Friday, November 18, 2011

More on managing climate change aid

A primary goal of our work, published in Science, about managing climate change financing is to encourage the parties to the UN Framework Convention on Climate Change to learn from the failures and successes of international aid in the design of the "Green Climate Fund". We argue that the initial $30 billion in "fast-track" financing to the Green Climate Fund represents an opportunity to demonstrate that funding pledges will be met, waste and misappropriation will be minimized, and the money will support the most effective climate change projects. This is critical in building the public and political will to meet the long-term pledge of mobilizing $100 billion per year by the year 2020.

Stories about this work are beginning to appear in the Canadian and international media, including Agence France Press, the Canadian Press (here via the CBC), the Vancouver Sun and elsewhere. For the most part, the articles I have seen capture some of the key points in our research paper, but as is always the case, there are important nuances to the research that can be missed from only seeing the short media articles.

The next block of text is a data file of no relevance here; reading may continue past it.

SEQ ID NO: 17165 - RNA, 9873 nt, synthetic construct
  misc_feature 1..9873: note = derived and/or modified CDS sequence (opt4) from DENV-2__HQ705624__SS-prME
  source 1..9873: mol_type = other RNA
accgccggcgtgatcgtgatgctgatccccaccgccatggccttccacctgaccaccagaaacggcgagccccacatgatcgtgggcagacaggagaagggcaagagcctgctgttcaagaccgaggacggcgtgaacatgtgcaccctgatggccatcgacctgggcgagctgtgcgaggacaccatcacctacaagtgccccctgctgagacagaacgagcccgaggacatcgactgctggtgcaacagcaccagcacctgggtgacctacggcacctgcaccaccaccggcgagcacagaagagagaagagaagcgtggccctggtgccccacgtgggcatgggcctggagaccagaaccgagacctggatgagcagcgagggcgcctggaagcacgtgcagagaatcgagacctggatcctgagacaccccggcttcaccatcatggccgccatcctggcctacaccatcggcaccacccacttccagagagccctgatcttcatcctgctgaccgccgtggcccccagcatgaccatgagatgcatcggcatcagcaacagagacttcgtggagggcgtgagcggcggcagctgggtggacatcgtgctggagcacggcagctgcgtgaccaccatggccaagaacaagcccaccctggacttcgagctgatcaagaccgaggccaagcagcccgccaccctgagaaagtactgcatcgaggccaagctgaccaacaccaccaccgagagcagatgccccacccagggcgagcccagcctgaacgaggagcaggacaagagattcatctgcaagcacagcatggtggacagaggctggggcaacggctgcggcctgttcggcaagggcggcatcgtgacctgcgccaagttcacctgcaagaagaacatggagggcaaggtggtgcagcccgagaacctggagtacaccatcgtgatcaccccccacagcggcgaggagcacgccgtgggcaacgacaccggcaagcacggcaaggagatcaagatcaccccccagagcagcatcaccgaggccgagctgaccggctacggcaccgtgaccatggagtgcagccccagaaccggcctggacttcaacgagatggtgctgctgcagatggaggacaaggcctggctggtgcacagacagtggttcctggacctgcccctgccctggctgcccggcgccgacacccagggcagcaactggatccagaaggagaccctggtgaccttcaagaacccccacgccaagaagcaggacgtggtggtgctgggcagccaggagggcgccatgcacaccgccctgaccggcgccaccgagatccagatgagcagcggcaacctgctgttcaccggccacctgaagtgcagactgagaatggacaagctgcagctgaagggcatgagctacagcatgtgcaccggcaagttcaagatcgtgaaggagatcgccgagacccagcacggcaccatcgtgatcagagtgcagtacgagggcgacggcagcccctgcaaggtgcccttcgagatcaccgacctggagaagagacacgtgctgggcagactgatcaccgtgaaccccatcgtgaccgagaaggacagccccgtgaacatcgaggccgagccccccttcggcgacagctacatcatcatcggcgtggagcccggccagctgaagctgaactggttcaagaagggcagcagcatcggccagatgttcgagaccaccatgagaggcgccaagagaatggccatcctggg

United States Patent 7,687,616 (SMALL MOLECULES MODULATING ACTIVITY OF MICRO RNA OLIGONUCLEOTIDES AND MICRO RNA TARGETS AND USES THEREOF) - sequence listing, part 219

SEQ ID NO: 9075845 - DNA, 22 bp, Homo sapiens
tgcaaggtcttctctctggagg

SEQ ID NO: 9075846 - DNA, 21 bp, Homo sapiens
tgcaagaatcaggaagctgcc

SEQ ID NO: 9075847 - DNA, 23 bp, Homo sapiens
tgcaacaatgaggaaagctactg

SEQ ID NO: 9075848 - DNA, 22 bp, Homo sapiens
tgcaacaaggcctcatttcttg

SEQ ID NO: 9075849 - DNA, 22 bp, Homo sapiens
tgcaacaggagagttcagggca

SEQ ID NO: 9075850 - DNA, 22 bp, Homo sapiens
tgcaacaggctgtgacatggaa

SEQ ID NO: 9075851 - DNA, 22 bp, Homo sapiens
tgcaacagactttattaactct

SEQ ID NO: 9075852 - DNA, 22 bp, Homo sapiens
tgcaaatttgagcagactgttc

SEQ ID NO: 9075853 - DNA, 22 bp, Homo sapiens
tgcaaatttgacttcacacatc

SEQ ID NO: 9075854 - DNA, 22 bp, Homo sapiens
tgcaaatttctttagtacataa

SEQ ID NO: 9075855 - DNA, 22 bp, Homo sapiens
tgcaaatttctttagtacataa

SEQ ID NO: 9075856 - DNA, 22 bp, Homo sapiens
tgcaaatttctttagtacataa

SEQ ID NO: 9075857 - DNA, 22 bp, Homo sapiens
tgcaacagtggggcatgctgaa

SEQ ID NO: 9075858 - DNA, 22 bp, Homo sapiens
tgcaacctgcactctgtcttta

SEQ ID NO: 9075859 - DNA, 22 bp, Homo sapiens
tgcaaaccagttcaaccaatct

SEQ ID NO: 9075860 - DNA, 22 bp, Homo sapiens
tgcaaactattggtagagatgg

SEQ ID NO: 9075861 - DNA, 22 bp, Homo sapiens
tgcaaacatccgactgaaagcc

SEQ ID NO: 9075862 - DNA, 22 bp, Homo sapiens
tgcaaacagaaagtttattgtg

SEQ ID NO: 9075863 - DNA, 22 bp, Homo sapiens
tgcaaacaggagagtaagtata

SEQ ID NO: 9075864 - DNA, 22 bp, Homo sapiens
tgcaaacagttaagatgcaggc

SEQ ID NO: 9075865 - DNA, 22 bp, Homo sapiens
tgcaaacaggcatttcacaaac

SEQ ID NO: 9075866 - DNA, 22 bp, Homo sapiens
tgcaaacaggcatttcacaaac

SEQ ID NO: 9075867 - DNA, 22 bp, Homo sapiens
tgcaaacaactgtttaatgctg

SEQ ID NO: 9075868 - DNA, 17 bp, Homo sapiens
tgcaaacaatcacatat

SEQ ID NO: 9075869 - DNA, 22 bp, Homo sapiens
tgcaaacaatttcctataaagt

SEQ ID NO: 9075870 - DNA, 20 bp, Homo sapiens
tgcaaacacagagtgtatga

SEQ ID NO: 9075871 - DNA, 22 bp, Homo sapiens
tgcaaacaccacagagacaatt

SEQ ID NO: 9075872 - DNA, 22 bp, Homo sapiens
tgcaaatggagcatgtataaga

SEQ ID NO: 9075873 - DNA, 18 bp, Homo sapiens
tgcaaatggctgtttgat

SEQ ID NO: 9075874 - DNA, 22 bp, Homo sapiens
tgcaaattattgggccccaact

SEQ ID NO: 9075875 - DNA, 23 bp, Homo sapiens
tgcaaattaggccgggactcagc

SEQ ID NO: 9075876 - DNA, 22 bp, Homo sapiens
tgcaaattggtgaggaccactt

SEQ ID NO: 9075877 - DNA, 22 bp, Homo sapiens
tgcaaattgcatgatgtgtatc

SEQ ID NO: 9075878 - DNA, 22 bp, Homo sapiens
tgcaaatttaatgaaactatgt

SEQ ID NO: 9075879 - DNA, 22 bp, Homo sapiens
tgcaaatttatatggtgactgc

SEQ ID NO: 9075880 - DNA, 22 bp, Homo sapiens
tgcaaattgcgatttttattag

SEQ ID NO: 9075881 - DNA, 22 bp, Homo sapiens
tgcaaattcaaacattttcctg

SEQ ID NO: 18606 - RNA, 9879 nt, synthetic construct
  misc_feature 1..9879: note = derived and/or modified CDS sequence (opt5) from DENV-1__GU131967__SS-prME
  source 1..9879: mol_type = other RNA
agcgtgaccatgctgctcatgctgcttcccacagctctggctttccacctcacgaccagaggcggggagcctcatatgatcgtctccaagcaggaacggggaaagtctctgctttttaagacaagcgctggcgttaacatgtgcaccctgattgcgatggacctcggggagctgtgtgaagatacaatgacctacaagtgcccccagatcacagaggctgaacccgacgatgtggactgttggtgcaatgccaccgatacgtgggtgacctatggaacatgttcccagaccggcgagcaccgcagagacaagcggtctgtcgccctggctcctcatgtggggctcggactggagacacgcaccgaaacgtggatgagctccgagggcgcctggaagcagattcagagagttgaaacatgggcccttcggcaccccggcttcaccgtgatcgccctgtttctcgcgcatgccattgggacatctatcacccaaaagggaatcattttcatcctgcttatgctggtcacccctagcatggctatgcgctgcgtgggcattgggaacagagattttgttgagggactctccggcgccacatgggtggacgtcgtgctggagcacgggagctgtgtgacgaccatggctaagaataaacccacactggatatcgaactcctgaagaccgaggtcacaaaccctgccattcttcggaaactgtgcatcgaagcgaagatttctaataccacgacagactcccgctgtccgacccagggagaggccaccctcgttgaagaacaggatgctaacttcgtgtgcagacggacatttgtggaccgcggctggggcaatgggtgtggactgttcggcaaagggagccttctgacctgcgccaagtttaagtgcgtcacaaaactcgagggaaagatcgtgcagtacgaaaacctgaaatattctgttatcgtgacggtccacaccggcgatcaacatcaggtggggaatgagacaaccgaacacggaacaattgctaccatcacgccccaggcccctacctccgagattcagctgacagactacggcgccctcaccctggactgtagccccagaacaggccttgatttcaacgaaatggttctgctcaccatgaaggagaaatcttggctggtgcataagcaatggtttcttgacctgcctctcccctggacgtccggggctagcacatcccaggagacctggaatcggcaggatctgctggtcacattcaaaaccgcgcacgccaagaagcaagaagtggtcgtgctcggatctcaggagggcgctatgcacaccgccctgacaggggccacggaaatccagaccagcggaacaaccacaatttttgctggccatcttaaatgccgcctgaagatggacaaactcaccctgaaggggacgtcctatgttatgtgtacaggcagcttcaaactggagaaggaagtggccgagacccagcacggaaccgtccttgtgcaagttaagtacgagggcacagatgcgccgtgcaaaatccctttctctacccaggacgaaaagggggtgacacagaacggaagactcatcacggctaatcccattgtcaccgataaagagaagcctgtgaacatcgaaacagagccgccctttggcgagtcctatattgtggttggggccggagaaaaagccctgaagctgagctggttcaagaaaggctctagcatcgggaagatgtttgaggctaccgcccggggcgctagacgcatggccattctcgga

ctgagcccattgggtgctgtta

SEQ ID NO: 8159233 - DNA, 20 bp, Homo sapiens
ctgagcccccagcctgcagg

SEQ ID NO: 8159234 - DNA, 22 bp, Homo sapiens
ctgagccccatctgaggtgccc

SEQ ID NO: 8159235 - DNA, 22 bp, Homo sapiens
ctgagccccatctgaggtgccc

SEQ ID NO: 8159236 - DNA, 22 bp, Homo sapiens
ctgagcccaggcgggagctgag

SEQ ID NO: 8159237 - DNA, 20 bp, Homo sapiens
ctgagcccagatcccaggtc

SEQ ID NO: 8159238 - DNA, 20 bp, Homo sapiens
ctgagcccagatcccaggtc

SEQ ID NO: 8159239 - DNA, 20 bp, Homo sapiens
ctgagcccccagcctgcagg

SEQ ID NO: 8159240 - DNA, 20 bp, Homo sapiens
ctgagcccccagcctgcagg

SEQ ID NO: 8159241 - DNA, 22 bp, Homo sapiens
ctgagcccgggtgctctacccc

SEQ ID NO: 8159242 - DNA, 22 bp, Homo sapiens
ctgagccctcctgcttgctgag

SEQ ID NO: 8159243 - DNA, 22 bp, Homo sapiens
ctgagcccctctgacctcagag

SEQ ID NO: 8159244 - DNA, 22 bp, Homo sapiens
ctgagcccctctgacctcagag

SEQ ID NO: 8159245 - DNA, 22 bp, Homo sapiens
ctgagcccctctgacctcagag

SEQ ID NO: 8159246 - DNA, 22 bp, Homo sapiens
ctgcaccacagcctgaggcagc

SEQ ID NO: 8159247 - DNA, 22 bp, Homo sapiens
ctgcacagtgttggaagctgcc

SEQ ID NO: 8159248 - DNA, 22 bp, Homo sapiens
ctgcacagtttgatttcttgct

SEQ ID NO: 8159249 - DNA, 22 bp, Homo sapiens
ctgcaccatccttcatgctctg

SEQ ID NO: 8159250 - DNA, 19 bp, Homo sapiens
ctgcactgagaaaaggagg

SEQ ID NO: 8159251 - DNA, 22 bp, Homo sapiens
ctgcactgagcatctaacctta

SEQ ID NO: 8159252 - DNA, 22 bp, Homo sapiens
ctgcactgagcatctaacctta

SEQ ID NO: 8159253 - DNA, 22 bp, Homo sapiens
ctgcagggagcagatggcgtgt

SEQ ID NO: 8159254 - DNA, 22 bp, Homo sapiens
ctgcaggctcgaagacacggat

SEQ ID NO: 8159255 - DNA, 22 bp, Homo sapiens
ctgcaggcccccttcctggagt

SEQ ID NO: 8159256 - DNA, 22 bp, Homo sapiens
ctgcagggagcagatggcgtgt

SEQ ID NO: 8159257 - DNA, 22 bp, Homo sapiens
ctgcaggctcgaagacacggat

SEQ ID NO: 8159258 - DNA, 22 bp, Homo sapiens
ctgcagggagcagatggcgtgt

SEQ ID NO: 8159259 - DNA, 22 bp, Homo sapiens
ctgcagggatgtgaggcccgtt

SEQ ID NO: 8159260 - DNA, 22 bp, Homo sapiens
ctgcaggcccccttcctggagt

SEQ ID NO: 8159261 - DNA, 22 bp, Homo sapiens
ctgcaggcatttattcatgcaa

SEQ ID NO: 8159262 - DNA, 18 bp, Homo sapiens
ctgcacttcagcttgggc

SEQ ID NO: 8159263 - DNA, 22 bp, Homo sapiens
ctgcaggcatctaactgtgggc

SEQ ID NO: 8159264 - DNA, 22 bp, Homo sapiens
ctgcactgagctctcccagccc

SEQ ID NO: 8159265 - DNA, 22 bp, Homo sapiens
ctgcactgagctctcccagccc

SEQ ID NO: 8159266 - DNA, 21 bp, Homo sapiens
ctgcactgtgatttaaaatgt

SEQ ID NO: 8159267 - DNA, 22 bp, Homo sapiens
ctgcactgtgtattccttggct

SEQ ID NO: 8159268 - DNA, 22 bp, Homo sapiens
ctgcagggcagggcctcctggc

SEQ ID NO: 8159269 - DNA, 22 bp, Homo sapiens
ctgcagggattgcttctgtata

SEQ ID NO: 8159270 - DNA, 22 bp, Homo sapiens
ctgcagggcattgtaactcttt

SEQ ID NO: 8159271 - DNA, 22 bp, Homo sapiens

There's one point in particular that I'd like to clarify: The lede of CP wire story, which appears in some publications, says "The UN's past record of suddenly injecting vast sums of money into countries to solve a problem doesn't bode well for the future of the massive Green Climate Fund say three University of British Columbia professors."

On this point, I must be clear: our work does not specifically mention or target the past practices of the United Nations or its agencies (nor, for that matter, does it state that the GCF is already being mismanaged). In the article, we look at evidence from across the whole international aid world, and provide advice for managing the GCF based on that evidence.

Raising, managing and disbursing international aid is inherently challenging, regardless of the organization or agency involved. Learning from the recent history of international aid can help ensure that the funding pledges are met and that the money provides real results in the developing world.

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